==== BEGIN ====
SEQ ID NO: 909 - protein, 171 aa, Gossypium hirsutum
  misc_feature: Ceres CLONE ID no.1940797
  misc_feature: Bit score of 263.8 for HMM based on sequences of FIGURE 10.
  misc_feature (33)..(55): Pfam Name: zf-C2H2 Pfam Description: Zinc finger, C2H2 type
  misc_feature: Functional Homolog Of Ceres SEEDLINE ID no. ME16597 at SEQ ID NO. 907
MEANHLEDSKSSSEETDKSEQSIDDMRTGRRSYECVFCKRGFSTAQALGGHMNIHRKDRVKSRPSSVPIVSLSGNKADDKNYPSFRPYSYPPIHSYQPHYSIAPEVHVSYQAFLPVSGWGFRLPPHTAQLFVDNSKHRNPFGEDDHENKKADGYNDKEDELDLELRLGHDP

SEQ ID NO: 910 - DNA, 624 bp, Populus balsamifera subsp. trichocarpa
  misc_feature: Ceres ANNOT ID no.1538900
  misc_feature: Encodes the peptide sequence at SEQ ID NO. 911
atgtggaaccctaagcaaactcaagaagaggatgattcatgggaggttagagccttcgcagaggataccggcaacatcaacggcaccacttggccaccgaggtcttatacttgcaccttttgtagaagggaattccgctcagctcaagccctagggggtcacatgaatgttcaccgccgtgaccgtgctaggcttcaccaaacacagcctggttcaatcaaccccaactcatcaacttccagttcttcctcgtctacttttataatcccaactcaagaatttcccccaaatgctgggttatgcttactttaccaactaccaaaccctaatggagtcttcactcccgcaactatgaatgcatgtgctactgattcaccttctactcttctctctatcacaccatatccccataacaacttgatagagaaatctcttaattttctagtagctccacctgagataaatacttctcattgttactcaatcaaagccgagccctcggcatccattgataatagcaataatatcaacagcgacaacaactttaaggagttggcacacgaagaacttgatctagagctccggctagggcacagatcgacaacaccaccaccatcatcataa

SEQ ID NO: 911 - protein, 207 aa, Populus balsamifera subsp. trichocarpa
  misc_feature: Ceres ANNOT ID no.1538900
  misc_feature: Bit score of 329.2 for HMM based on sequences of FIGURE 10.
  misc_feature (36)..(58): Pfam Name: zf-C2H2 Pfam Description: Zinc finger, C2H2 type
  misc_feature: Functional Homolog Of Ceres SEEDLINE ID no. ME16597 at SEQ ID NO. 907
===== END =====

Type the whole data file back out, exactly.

SEQ ID NO: 909 - protein, 171 aa, Gossypium hirsutum
  misc_feature: Ceres CLONE ID no.1940797
  misc_feature: Bit score of 263.8 for HMM based on sequences of FIGURE 10.
  misc_feature (33)..(55): Pfam Name: zf-C2H2 Pfam Description: Zinc finger, C2H2 type
  misc_feature: Functional Homolog Of Ceres SEEDLINE ID no. ME16597 at SEQ ID NO. 907
MEANHLEDSKSSSEETDKSEQSIDDMRTGRRSYECVFCKRGFSTAQALGGHMNIHRKDRVKSRPSSVPIVSLSGNKADDKNYPSFRPYSYPPIHSYQPHYSIAPEVHVSYQAFLPVSGWGFRLPPHTAQLFVDNSKHRNPFGEDDHENKKADGYNDKEDELDLELRLGHDP

SEQ ID NO: 910 - DNA, 624 bp, Populus balsamifera subsp. trichocarpa
  misc_feature: Ceres ANNOT ID no.1538900
  misc_feature: Encodes the peptide sequence at SEQ ID NO. 911
atgtggaaccctaagcaaactcaagaagaggatgattcatgggaggttagagccttcgcagaggataccggcaacatcaacggcaccacttggccaccgaggtcttatacttgcaccttttgtagaagggaattccgctcagctcaagccctagggggtcacatgaatgttcaccgccgtgaccgtgctaggcttcaccaaacacagcctggttcaatcaaccccaactcatcaacttccagttcttcctcgtctacttttataatcccaactcaagaatttcccccaaatgctgggttatgcttactttaccaactaccaaaccctaatggagtcttcactcccgcaactatgaatgcatgtgctactgattcaccttctactcttctctctatcacaccatatccccataacaacttgatagagaaatctcttaattttctagtagctccacctgagataaatacttctcattgttactcaatcaaagccgagccctcggcatccattgataatagcaataatatcaacagcgacaacaactttaaggagttggcacacgaagaacttgatctagagctccggctagggcacagatcgacaacaccaccaccatcatcataa

SEQ ID NO: 911 - protein, 207 aa, Populus balsamifera subsp. trichocarpa
  misc_feature: Ceres ANNOT ID no.1538900
  misc_feature: Bit score of 329.2 for HMM based on sequences of FIGURE 10.
  misc_feature (36)..(58): Pfam Name: zf-C2H2 Pfam Description: Zinc finger, C2H2 type
  misc_feature: Functional Homolog Of Ceres SEEDLINE ID no. ME16597 at SEQ ID NO. 907